|November 12, 1999||Volume 7, Number 6|
Honored student looks at economic options of rural youth
By Ann Dumonceaux
Good decisions often lead to golden opportunities.
Such is the case for Joanne Butler, a third-year PhD sociology student at the University of Saskatchewan who was recently presented with the prestigious CIBC Youthvision Graduate Research Award worth up to $30,000 over the next two years.
One of only six students Canada-wide receiving the inaugural scholarship, Butler was recognized for her academic excellence and innovative research in community economic development and youth employment.
Entitled "Me, Inc' A Study of Entrepreneurship Training and Small Business Development Programs for Young Adults in Saskatchewan", Butler's dissertation examines the role played by training programs in developing young adult entrepreneurs and the degree to which these entrepreneurs expect to contribute to their community's development.
Butler notes "the implications for the sustainability of our communities, and for Saskatchewan agriculture, are vast."
Judging by the response to Joanne's research, others share her belief in the necessity of studying rural communities. In addition to being honored with the Youthvision Award, Butler has also received the Saskatchewan Wheat Pool Agri-Business, as well as University of Saskatchewan Graduate Student Scholarships.
But Joanne's work, though of particular application to Saskatchewan, is finding markets outside the province too. Her 1998 paper, "Rural
Communities in Transition or Crisis? A Discussion of the Implications of Rural Youth Out-Migration in Saskatchewan" was presented to a panel in Lafayette, Louisiana. She has also participated in conferences in Vancouver and Toronto.
Another paper, "The Contributions of Education and Work to Sustainability and Well-Being in Changing Rural Communities," written in collaboration with Terry Wotherspoon, has been submitted to the Canadian Journal of Health.
"I recognized the increasing emphasis by both the provincial and federal government on the benefits that small business development could provide as a solution to young adult out-migration from rural communities, to young adult un- and under employment and subsequently, to community development," explains Butler.
Insisting that "what happens in rural Saskatchewan impacts on our cities and job opportunities" Butler credits her interest in rural community sustainability to issues raised during her Master's research.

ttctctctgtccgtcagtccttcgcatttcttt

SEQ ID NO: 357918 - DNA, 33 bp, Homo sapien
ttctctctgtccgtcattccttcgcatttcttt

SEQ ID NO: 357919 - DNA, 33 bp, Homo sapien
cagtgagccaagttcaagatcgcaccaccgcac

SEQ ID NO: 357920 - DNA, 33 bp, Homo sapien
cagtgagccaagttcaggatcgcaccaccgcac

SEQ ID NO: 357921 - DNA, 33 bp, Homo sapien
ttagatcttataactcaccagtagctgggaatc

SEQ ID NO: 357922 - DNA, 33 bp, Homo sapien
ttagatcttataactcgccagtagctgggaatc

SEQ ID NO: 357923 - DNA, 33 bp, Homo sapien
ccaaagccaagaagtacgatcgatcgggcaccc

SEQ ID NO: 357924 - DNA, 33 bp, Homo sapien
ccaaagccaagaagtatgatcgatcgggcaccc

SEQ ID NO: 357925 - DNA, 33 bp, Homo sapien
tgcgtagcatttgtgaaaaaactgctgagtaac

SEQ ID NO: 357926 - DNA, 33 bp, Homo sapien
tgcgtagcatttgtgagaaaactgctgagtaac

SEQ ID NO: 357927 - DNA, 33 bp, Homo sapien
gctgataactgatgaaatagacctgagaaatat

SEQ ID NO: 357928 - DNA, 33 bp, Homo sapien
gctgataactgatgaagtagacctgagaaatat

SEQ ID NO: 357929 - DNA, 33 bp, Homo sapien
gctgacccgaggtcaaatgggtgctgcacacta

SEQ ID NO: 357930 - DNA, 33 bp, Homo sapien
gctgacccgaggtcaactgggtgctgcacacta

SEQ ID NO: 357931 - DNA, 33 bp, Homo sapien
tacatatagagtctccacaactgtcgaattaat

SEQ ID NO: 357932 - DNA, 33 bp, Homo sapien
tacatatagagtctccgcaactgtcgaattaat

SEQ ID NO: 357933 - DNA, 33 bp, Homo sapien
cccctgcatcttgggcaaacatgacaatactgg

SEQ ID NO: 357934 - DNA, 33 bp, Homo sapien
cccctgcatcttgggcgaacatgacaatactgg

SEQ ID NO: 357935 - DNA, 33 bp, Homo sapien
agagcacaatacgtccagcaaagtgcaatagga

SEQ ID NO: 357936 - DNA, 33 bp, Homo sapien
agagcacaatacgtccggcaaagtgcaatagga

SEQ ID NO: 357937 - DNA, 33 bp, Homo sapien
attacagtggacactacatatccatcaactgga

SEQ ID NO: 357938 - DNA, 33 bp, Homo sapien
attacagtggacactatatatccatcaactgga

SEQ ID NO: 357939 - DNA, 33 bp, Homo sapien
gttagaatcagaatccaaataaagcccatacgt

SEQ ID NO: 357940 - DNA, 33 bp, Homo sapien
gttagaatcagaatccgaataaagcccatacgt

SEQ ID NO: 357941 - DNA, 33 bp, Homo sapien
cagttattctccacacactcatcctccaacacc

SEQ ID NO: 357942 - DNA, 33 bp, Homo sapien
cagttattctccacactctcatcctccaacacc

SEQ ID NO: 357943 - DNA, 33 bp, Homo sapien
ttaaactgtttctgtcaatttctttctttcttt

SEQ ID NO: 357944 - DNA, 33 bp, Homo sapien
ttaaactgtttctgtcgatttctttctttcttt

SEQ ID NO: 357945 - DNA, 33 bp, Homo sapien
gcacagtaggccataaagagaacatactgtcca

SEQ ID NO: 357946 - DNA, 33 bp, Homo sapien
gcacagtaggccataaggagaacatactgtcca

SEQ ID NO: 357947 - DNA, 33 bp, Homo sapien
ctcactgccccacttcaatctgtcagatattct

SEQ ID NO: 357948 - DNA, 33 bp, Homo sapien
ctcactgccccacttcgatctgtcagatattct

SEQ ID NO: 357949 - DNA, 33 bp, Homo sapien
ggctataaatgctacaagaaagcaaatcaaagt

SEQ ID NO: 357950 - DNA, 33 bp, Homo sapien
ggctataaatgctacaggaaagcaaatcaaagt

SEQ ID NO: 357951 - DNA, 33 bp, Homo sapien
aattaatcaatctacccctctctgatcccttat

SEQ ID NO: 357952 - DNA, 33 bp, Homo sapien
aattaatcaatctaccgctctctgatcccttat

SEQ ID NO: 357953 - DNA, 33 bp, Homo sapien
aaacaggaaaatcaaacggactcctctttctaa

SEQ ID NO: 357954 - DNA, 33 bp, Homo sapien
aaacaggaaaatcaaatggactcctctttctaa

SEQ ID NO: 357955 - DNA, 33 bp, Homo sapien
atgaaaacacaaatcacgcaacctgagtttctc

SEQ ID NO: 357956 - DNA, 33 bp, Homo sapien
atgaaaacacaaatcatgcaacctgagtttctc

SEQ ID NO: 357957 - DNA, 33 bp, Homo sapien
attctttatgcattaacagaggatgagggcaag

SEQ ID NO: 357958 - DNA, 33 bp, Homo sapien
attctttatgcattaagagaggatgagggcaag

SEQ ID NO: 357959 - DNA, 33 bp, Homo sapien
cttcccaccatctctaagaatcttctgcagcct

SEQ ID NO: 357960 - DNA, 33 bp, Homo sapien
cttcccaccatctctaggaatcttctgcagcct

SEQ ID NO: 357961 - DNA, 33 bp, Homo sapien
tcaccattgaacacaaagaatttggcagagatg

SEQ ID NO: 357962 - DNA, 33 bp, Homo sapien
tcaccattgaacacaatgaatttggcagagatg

While surveying high school students in southwest Saskatchewan regarding their evaluation of programs designed to ease the transition from school to work, Butler discovered something unexpected.
"Very few young people (7.6 per cent of males and 0.5 per cent of females) intended to farm or do any farming-related activities," explains Butler.
"While I was aware how the struggles of farm families had translated into entire community struggles, I knew that agriculture still played a significant role in the economy, both at the local and provincial level, so the extent of the students' rejection of farming surprised me".
Butler's research also indicated that the majority of students were intent on permanently leaving the community, primarily because they perceived for themselves a lack of viable future opportunities.
Further, Butler noted that their families supported the move.
"Their parents were warning them, don't go into farming. Don't go near agriculture".
No stranger to making tough decisions, Butler too realized the need to move in a new direction shortly after beginning her university education. Calling her first sociology class a "life-changing experience," Butler finished her French degree and immediately began her studies in Sociology which eventually included an arts certificate, master's degree, and PhD work under supervisor Terry Wotherspoon.
"Sociology is like putting on a new pair of glasses," says Butler.
"It's basically looking at the world in a new way, a critical way, and seeing things that people don't think about when they're watching television or listening to politics or reading the newspaper."
Insisting that sociology is meant to be "socially relevant and useful", Butler expects her work to be of particular interest to policy-makers.
The mother of two children, Rob and Lauren, Joanne hopes to continue doing university teaching and research following the completion of her PhD.
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